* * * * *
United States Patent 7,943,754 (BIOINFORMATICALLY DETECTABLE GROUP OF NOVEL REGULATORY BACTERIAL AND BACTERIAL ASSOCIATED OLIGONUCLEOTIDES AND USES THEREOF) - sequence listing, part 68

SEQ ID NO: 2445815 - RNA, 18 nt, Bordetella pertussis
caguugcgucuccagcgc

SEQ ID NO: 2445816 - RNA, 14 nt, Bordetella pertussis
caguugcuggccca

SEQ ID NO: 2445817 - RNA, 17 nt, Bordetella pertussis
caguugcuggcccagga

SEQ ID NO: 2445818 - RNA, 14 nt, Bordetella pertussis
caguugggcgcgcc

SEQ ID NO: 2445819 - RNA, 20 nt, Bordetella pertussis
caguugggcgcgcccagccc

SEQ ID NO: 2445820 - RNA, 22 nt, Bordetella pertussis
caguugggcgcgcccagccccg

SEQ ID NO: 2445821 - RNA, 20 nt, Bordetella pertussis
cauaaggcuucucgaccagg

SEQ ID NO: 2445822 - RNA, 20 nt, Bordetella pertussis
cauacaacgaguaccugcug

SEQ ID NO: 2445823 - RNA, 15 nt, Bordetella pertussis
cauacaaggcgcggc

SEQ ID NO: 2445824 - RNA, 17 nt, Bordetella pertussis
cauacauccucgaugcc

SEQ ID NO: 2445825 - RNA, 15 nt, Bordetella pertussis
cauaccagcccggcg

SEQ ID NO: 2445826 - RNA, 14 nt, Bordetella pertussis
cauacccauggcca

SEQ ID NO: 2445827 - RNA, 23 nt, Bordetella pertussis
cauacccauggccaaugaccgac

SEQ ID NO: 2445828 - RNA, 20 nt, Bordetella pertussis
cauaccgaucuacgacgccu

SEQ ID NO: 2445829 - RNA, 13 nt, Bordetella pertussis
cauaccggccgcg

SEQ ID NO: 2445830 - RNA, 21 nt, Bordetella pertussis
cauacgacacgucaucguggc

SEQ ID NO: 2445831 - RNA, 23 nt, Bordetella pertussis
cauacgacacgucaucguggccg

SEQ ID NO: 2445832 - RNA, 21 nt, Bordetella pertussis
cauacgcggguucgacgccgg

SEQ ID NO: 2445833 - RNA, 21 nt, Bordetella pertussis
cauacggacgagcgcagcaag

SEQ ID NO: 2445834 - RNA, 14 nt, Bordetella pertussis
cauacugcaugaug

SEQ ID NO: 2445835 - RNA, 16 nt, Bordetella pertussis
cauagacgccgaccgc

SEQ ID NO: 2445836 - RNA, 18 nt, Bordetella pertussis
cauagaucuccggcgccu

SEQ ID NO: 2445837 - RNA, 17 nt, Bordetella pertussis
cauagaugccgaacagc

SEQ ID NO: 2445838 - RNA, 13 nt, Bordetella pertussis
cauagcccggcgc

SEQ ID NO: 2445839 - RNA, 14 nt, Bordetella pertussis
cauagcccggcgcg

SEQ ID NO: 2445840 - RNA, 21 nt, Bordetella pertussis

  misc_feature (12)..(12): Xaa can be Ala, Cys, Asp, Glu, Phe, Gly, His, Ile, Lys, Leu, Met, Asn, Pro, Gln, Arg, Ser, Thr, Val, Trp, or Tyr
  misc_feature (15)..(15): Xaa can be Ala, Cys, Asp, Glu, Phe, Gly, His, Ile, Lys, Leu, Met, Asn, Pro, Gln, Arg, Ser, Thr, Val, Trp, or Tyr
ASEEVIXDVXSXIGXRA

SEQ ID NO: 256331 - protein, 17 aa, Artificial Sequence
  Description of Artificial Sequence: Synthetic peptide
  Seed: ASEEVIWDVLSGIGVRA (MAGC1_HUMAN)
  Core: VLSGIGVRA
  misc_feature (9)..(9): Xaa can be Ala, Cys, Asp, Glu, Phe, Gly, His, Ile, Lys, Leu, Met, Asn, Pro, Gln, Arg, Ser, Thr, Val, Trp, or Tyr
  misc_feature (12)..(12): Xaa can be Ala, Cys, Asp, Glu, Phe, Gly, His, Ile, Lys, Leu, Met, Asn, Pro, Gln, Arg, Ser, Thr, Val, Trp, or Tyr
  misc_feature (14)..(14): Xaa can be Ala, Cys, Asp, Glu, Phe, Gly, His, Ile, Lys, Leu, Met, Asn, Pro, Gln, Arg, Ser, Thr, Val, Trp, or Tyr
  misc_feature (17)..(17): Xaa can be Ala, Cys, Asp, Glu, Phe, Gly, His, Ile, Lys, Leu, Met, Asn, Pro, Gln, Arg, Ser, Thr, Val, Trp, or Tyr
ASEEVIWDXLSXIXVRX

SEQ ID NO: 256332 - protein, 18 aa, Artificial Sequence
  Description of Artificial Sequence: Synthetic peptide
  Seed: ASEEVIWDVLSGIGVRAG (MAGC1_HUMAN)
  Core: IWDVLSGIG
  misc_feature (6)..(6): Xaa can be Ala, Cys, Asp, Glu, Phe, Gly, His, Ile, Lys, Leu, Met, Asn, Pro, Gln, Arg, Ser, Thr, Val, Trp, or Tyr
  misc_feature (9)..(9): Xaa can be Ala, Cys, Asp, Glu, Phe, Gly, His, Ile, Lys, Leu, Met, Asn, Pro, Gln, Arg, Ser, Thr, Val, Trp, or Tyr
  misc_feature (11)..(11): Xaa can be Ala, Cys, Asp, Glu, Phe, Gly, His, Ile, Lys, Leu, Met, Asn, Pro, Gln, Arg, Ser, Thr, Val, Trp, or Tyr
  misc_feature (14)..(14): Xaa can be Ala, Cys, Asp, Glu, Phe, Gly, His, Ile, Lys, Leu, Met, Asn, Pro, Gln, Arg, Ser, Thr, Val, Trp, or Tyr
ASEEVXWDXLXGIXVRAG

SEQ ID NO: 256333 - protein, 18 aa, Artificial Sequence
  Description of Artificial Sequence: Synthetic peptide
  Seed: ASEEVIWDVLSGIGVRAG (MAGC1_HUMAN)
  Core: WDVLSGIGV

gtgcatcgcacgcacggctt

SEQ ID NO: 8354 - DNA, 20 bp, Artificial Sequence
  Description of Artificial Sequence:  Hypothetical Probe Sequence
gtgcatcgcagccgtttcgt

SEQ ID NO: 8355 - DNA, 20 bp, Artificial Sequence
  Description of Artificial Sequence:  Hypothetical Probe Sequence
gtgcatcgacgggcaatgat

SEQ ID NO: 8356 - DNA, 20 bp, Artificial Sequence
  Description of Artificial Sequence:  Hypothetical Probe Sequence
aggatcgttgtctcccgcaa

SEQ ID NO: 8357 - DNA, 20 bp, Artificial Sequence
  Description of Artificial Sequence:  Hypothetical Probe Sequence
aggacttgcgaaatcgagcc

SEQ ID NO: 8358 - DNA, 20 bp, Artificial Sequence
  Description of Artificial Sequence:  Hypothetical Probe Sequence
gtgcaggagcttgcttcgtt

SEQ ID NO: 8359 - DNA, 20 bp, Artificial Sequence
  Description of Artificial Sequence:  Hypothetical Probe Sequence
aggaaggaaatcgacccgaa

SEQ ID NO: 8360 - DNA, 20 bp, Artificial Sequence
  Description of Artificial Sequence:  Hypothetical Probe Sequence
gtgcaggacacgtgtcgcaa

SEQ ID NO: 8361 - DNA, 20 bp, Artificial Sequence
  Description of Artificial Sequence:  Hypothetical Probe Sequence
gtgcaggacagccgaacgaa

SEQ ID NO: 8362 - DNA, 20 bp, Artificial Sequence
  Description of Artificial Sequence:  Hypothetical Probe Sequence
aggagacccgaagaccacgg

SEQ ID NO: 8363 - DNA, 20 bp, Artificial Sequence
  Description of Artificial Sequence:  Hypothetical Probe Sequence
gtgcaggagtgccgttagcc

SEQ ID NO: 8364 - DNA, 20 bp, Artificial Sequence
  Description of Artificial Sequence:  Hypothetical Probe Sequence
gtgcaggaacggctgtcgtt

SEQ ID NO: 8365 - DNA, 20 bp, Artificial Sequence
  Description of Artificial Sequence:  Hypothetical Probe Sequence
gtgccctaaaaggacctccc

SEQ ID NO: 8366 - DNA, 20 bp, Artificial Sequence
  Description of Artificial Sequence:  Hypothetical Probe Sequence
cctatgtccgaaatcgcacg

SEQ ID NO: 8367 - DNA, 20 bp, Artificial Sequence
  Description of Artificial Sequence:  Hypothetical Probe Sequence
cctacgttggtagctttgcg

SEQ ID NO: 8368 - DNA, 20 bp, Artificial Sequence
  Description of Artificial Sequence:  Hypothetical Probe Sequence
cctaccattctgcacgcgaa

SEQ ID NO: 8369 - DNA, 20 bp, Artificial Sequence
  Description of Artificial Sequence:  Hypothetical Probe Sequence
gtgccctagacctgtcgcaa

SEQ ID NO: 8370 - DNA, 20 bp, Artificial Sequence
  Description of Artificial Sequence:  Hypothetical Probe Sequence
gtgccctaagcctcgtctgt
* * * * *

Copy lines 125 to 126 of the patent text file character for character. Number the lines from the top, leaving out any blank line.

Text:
  Description of Artificial Sequence:  Hypothetical Probe Sequence
gtgccctagacctgtcgcaa